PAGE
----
Five of the past six years have been financially challenging for dairy farmers, according to a trio of Wisconsin ag lenders. What was the best year moneywise for milk producers?
Sam Miller, managing director and group head of ag lending at BMO Harris Bank; Tim McTigue, senior vice president at Investors Community Bank; and Jim Moriarty, director of dairy lending and dairy consulting at Compeer Financial, agree that 2020 had its challenges, but it was a great year for dairy farmers when it came to income.
“Last year fixed a lot of ills because of the repair that was done to balance sheets,” Miller said during a Professional Dairy Producers Dairy Signal webinar on Sept. 8. “Income, working capital, cash flow and equity all improved in 2020 because of a combination of better economics on the farm and government payments.
“That has helped heal a lot of the ills in the dairy industry,” he added. “I think some of the tools put in place through the Dairy Margin Protection Program and LGM [Livestock Gross Margin] Dairy helped to show the client, and therefore the bank, is managing the risk from the volatility that occurs inside the dairy industry. Dairy has a good reputation because the income comes in on a monthly basis — you’re not rolling the dice in the spring and planting a crop and hoping you get one in the fall. So, right now, we’re in a pretty good place.”
McTigue agreed with Miller. “Last year cured a lot of wounds that occurred over the past few years,” McTigue explained. “There were a lot of upgrades with most of our portfolio. Dairy farmers are very well-positioned for the future as compared to where they were in recent years.”
Moriarty said dairy farmers may want to look at rebalancing their loans to build up liquidity for the uncertainty ahead.
“We have a number of farmers who put off reinvestment plans this year because construction costs were high,” Moriarty said. “So, I think this is an opportunity to build up some additional liquidity to prepare. It’s a good time to prepay some inputs at reasonable prices.”
Moriarty said as dairy farmers look at what to invest in, he recommends choosing things that will increase efficiency and productivity on the farm.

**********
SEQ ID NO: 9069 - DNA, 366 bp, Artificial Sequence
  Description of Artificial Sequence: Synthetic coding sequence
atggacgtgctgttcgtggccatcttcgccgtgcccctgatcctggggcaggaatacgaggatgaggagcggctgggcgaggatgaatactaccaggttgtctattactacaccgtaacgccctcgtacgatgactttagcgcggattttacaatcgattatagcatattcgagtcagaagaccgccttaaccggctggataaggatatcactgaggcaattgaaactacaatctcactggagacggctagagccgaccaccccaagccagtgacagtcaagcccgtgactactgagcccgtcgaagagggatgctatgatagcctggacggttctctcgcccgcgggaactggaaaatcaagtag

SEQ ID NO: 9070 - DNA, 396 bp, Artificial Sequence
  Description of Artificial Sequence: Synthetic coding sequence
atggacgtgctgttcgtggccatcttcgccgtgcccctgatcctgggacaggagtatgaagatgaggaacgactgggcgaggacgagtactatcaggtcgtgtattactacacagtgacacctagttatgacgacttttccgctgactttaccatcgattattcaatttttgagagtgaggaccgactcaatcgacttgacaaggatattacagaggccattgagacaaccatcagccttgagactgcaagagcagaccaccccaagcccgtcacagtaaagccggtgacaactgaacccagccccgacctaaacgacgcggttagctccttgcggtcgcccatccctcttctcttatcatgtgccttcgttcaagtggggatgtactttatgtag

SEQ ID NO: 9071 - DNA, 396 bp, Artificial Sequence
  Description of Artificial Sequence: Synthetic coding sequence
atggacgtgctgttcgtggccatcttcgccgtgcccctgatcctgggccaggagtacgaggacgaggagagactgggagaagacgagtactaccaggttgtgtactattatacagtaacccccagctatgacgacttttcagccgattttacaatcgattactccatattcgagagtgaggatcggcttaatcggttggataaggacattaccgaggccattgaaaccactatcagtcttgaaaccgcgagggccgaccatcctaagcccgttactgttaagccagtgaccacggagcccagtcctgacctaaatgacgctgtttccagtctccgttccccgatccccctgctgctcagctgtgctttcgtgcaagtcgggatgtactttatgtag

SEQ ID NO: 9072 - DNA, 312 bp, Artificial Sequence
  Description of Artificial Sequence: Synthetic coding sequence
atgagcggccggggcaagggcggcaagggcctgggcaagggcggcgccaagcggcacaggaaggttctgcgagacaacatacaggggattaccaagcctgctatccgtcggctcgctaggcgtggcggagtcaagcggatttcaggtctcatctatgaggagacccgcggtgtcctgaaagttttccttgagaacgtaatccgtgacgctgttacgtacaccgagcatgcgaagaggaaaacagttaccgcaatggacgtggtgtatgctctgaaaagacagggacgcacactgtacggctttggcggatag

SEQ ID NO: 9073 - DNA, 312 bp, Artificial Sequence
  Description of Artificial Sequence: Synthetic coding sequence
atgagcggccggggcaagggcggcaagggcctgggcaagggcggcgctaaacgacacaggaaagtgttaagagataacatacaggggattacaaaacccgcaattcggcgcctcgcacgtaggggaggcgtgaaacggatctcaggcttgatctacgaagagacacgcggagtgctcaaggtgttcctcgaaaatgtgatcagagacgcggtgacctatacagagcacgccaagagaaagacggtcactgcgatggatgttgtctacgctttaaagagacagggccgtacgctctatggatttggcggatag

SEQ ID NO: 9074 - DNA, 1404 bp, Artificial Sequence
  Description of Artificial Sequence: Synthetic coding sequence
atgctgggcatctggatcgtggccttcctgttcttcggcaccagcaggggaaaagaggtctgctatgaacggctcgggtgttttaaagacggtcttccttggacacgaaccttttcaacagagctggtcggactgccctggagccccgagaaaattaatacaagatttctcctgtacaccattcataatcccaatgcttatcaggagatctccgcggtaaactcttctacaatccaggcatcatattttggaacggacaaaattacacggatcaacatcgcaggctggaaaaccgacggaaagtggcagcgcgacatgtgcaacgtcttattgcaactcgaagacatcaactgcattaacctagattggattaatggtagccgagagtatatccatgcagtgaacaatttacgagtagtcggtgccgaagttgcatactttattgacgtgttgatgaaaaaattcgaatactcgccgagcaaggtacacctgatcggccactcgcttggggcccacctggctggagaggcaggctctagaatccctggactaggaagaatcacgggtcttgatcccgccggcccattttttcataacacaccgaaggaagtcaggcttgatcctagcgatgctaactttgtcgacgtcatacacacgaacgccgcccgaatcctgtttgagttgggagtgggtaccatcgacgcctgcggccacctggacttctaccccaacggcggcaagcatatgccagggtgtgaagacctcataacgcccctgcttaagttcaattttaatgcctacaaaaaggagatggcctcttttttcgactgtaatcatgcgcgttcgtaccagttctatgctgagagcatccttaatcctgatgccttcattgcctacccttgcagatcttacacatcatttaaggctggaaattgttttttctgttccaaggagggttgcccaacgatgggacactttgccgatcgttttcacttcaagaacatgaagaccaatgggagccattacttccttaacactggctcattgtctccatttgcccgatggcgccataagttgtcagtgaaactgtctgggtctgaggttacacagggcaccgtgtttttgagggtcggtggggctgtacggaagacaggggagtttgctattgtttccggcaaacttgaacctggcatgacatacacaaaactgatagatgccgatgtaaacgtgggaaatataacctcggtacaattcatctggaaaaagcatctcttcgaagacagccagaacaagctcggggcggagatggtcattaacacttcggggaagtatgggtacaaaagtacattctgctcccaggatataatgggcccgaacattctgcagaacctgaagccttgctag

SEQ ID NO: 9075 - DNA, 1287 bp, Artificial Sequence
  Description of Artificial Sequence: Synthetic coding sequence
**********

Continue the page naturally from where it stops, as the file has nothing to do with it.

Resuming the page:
“Labor costs are going up, and that’s a fact of life — we just need to be able to work with our workforce to accomplish more,” Moriarty said. “Do we need more automation, or do we need to find ways to get cows through the parlor faster? Are there opportunities to work with the neighboring farm on some equipment purchases? Target those things that can increase productivity and efficiency, and lower our cost of production.”
Moriarty said common investments for his dairies with 200 to 500 cows are robotic milkers and automated feed pushers. On larger dairies, he said some of his farmers with rotary parlors are installing automated post-dip or pre-dip and prep units.
Miller said some farmers are investing in speed tubes on planters to get crops planted faster, while others are buying additional data-monitoring systems to improve herd health and help make decisions about what animals to keep.
“The big-ticket items are renewable natural gas projects and where do farmers fit in the whole carbon business,” Miller said.
McTigue is telling borrowers that now is a good time to lock in feed costs and purchase crop inputs for next year to help reduce costs and risk.
Miller acknowledged that uncertainty hasn’t been eliminated, and expenses right now are rising faster than revenue for a lot of producers.
“Margins are a challenge right now,” Miller said. “If you can automate something right now, those investments are being made because labor costs are becoming a bigger challenge. We’ve seen these periods before. The challenge for producers right now is to manage through these uncertainties.”
“Five years ago, if you wanted to add cows and you were financially able to do it, you did it,” he said. “Now, before you add cows, you have to be engaged with your milk processor and find out what you have to do to be a preferred supplier of choice.”